Nrj Aquisition

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This document is authorized for use only by Mohammed Chaudhury until May 2012. Copying or posting is an infringement of copyright. Permissions@hbsp.harvard.edu or 617.783.7860. 9-289-056
REV: AUGUST 29, 2006

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Professor Richard Ruback prepared this case. HBS cases are developed solely as the basis for class discussion. Cases are not intended to serve as endorsements, sources of primary data, or illustrations of effective or ineffective management.

Copyright © 1989 President and Fellows of Harvard College. To order copies or request permission to reproduce materials, call 1-800-545-7685, write Harvard Business School Publishing, Boston, MA 02163, or go to http://www.hbsp.harvard.edu. No part of this publication may be reproduced, stored in a retrieval system, used in a spreadsheet, or transmitted in any form or by any means—electronic, mechanical, photocopying, recording, or otherwise—without the permission of Harvard Business School.

RICHARD RUBACK
RJR Nabisco

On October 20, 1988, Charles E. Hugel, the chairman of RJR Nabisco, was appointed chairman of the Special Committee. The Special Committee (Exhibit 1) was formed to consider a proposal to purchase the company for $17 billion by a group consisting of F. Ross Johnson, the president and chief executive officer of RJR Nabisco; Edward A. Horrigan, the vice chairman of RJR Nabisco and chief executive officer of RJ Reynolds Tobacco Company; and the investment banking firm of Shearson Lehman Hutton (the Management Group). At $75 a share, the buyout offer was 34% above the preoffer price of $55.875. No details about the form of the offer were immediately available.1 Within four days, Kohlberg, Kravis, Roberts & Co. (KKR), a firm specializing in leveraged buyouts, announced a competing tender offer for RJR Nabisco. The KKR bid was for $90 a share, or about $20.3 billion in total.

Company Background
RJR Nabisco began as a tobacco company in 1875 and remained primarily a tobacco company until the RJR Foods subsidiary was formed after a series of acquisitions in 1967. By 1987, the company’s sales had grown to $15.8 billion (Exhibit 2), and assets stood at $16.9 billion (Exhibit 3). The tobacco business included established brand-name cigarettes such as Winston, Salem, Camel, and Vantage and also included products such as Planters nuts and LifeSavers candies. The business segment data in Exhibit 4 show that the tobacco business had sales of $6.3 billion and operating income of $1.8 billion in 1987.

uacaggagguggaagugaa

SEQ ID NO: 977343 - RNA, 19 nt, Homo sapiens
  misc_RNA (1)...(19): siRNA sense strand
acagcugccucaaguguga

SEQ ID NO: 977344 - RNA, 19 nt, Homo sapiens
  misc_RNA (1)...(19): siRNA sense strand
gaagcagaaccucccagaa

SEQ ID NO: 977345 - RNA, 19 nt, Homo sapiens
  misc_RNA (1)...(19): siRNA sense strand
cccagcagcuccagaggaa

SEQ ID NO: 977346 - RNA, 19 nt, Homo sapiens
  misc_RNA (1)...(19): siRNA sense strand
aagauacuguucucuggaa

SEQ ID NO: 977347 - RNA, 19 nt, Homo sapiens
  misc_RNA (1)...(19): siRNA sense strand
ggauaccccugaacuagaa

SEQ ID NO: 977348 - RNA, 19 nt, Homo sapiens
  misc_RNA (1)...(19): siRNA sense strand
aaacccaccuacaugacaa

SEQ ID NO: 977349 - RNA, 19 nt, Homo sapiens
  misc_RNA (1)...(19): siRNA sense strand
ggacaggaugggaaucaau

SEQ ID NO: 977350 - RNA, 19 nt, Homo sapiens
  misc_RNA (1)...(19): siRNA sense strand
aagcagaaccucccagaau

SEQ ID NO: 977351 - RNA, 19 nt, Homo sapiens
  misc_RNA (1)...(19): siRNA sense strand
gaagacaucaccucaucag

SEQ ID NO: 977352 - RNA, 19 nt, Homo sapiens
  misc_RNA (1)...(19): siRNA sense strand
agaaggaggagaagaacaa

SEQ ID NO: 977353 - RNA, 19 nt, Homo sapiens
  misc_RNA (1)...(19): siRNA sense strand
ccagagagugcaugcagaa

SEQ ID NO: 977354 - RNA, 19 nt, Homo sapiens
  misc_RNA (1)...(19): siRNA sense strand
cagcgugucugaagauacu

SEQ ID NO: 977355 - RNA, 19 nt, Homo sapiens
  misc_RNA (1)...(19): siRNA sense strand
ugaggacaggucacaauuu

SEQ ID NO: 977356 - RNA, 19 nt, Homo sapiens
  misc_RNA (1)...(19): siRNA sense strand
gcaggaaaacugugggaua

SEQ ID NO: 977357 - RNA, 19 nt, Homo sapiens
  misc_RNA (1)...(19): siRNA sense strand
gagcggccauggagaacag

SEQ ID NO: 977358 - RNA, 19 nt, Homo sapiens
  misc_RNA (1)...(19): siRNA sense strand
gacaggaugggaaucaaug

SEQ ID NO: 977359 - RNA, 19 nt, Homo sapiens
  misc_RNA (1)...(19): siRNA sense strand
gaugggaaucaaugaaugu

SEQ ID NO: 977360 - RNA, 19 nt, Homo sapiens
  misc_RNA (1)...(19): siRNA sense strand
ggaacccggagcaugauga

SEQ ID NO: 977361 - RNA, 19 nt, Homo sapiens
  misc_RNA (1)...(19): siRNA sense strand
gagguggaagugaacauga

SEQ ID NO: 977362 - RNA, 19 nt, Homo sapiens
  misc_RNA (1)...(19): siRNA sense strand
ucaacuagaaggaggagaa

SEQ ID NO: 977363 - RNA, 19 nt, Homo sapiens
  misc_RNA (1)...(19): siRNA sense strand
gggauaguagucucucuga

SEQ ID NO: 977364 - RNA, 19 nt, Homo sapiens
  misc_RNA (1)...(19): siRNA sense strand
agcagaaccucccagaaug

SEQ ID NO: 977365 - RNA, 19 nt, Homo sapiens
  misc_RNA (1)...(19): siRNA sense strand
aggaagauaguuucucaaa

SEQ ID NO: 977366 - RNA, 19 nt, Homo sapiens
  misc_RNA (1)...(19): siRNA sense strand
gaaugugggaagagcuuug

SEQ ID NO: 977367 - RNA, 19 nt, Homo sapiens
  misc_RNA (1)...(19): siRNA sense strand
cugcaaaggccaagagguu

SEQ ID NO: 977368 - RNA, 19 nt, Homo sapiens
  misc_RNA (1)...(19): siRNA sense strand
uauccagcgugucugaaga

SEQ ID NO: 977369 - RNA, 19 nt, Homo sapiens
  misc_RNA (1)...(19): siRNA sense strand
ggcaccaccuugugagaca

The food businesses initially included Hawaiian Punch beverages, Chun King oriental foods, My- T-Fine puddings, Davis baking powder, Vermont Maid syrup, and Patio Mexican dinners. Del Monte, which was acquired in 1979, added canned goods and fresh bananas and pineapples. RJR Nabisco’s food business expanded substantially with the 1985 acquisition of Nabisco Brands, which added brand names such as Oreo, Fig and Fruit Newtons and Chips Ahoy! cookies; Ritz, American Classic, and Quackers crackers; Nabisco Shredded Wheat cereal; Fleischmann’s margarine; A-1 Steak Sauce; Ortega Mexican foods; and Milk-Bone dog biscuits. In 1987, the food business had sales of $9.4 billion and an operating income of $915 million.

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The directors of RJR Nabisco viewed Johnson's consideration of a buyout as material information and disclosed the buyout proposal when it was discussed by the board.
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This document is authorized for use only by Mohammed Chaudhury until May 2012. Copying or posting is an infringement of copyright. Permissions@hbsp.harvard.edu or 617.783.7860. 289-056 RJR Nabisco

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RJR Nabisco had also entered and exited several lines of business. Sea-Land, a...
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